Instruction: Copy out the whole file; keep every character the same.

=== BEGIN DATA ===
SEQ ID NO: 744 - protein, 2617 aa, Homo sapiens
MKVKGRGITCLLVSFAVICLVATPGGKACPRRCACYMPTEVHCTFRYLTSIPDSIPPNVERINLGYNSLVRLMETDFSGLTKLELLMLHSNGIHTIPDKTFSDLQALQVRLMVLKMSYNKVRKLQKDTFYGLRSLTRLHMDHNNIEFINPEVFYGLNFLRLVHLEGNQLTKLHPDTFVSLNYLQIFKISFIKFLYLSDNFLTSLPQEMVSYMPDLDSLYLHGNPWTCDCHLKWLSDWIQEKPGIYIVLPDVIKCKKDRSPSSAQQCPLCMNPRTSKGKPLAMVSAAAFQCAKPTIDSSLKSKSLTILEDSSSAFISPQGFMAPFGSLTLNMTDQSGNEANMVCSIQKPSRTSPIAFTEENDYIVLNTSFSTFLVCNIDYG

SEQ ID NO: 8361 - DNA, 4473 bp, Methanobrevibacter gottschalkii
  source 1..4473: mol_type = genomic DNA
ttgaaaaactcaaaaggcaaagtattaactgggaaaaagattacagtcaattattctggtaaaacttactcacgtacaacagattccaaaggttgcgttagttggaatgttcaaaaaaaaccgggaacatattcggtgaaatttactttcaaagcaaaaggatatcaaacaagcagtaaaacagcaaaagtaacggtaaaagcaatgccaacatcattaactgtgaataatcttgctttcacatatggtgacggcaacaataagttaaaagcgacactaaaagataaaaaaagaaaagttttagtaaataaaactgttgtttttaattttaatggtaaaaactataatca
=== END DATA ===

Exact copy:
SEQ ID NO: 744 - protein, 2617 aa, Homo sapiens
MKVKGRGITCLLVSFAVICLVATPGGKACPRRCACYMPTEVHCTFRYLTSIPDSIPPNVERINLGYNSLVRLMETDFSGLTKLELLMLHSNGIHTIPDKTFSDLQALQVRLMVLKMSYNKVRKLQKDTFYGLRSLTRLHMDHNNIEFINPEVFYGLNFLRLVHLEGNQLTKLHPDTFVSLNYLQIFKISFIKFLYLSDNFLTSLPQEMVSYMPDLDSLYLHGNPWTCDCHLKWLSDWIQEKPGIYIVLPDVIKCKKDRSPSSAQQCPLCMNPRTSKGKPLAMVSAAAFQCAKPTIDSSLKSKSLTILEDSSSAFISPQGFMAPFGSLTLNMTDQSGNEANMVCSIQKPSRTSPIAFTEENDYIVLNTSFSTFLVCNIDYG

SEQ ID NO: 8361 - DNA, 4473 bp, Methanobrevibacter gottschalkii
  source 1..4473: mol_type = genomic DNA
ttgaaaaactcaaaaggcaaagtattaactgggaaaaagattacagtcaattattctggtaaaacttactcacgtacaacagattccaaaggttgcgttagttggaatgttcaaaaaaaaccgggaacatattcggtgaaatttactttcaaagcaaaaggatatcaaacaagcagtaaaacagcaaaagtaacggtaaaagcaatgccaacatcattaactgtgaataatcttgctttcacatatggtgacggcaacaataagttaaaagcgacactaaaagataaaaaaagaaaagttttagtaaataaaactgttgtttttaattttaatggtaaaaactataatca